Acclaimed Swiss architect Luigi Snozzi, one of the main representatives of the so-called Ticinese School of architecture, has died at the age of 88, Swiss media reported Wednesday.
He died of COVID-19 on Tuesday morning in a retirement home in Minusio, in the Italian-speaking southern canton of Ticino, according to public broadcaster RSI.
Snozzi worked mainly locally in Ticino and was known for his characteristic use of exposed concrete.
"Any intervention implies destruction," he has been quoted as saying. "Destroy consciously, and with joy."
He was part of the Ticinese school, which included the likes of Mario Botta and Livio Vacchini, and promoted the idea of rational architecture.
Snozzi mainly designed single-family homes, with his most famous works including the Snider and Cavalli houses in Verscio, as well as urban planning projects like the redevelopment of the convent area in Monte Carasso.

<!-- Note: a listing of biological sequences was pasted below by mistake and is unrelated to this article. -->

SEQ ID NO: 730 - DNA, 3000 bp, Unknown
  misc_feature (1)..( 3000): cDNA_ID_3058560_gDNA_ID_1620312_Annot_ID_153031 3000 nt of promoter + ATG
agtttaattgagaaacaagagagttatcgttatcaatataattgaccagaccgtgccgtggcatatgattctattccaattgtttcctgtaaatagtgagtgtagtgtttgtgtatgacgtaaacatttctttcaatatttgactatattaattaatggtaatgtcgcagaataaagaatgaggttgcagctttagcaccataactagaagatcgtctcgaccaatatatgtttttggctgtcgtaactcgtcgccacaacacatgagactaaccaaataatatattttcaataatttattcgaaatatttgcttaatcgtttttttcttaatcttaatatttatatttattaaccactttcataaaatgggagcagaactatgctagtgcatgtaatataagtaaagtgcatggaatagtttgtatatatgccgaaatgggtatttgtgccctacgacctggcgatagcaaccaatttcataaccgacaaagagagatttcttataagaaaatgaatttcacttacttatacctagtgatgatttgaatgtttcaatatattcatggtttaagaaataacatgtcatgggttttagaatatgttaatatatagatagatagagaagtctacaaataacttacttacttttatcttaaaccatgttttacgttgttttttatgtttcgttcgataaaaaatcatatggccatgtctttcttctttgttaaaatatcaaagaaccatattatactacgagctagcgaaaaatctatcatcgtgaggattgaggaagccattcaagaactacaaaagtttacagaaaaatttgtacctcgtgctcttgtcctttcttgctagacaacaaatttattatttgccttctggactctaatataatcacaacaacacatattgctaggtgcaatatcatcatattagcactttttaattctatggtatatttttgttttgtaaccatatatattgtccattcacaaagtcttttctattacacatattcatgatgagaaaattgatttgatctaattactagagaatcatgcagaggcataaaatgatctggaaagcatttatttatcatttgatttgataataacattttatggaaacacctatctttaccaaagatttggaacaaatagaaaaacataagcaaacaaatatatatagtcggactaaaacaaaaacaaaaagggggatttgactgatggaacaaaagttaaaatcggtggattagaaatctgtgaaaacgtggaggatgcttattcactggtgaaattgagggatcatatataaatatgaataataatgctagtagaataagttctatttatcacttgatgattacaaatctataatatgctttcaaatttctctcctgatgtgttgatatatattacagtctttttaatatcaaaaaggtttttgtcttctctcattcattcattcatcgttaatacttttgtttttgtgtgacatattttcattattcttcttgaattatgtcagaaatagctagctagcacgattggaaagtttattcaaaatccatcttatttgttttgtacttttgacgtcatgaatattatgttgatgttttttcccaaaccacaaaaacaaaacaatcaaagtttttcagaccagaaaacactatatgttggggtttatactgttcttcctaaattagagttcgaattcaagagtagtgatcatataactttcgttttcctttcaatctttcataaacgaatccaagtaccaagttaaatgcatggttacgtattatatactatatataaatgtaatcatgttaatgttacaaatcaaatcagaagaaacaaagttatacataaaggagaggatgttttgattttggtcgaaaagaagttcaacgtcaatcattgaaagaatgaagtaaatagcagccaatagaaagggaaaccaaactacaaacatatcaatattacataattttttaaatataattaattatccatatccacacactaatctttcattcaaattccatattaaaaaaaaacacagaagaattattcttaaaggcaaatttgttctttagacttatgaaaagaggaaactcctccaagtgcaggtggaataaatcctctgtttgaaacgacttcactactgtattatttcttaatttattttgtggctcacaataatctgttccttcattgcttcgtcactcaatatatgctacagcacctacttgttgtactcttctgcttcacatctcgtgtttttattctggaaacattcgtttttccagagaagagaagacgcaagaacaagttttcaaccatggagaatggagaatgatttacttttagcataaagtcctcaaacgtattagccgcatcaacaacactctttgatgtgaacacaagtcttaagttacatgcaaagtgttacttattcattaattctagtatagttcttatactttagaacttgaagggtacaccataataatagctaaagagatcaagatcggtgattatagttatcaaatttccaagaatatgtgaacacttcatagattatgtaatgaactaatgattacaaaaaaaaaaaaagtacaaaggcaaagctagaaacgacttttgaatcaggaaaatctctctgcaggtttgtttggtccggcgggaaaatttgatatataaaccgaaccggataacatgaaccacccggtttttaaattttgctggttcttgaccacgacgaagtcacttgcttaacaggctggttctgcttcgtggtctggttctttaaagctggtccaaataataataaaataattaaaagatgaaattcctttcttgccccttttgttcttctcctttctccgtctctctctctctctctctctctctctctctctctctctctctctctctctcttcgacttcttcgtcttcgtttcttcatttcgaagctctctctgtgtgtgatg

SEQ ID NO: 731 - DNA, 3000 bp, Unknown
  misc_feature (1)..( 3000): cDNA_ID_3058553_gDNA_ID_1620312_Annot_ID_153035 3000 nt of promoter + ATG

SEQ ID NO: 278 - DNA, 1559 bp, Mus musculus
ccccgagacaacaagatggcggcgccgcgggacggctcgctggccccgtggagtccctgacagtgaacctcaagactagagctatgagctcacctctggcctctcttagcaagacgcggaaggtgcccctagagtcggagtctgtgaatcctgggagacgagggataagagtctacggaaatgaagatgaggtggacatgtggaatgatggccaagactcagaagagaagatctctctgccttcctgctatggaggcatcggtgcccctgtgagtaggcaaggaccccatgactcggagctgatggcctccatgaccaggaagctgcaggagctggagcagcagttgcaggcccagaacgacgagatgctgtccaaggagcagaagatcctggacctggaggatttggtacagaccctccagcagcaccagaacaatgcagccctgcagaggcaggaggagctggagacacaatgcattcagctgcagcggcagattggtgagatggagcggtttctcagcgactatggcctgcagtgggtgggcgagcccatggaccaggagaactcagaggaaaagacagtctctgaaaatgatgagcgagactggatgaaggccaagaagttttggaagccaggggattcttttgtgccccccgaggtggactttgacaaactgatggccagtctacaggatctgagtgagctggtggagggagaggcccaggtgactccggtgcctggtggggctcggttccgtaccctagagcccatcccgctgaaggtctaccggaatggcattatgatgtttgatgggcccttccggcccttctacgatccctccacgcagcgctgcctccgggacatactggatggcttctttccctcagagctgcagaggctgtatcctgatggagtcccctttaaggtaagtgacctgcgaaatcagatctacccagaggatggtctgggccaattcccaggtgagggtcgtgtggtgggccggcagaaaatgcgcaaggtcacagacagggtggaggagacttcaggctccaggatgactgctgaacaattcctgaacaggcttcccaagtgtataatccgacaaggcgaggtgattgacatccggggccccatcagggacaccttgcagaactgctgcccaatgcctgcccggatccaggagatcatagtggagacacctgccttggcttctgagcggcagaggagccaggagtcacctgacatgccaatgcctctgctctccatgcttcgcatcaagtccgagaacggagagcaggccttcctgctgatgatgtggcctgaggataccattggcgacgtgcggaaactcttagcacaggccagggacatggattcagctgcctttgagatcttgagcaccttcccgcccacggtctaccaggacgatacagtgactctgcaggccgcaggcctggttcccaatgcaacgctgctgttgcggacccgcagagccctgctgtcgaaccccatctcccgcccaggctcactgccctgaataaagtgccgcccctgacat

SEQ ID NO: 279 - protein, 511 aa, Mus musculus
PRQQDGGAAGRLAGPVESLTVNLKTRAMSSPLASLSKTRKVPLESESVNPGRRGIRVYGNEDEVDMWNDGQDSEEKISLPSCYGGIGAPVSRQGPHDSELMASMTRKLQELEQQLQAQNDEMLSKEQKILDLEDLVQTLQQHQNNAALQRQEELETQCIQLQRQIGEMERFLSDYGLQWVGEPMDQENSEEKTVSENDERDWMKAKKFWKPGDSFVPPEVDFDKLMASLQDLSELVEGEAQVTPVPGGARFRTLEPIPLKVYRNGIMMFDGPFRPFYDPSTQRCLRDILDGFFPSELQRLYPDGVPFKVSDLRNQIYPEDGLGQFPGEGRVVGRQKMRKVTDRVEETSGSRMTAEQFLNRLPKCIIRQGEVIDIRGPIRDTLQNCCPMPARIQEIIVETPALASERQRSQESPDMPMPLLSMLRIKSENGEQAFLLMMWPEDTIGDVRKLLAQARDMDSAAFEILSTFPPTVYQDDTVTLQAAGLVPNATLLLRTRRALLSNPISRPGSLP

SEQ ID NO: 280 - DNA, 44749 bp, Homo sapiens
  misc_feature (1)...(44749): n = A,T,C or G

He represented Switzerland at the Venice Biennale of Architecture in 1996 and won the prestigious Meret Oppenheim Prize in 2018.
Snozzi was also a professor at the EPFL technical university in Lausanne.
"The aim of teaching architecture is not simply the forming of brilliant and skilful architects, but rather that of intellectual critics endowed with a moral conscience," Snozzi said during his inaugural lecture at the EPFL in 1987.
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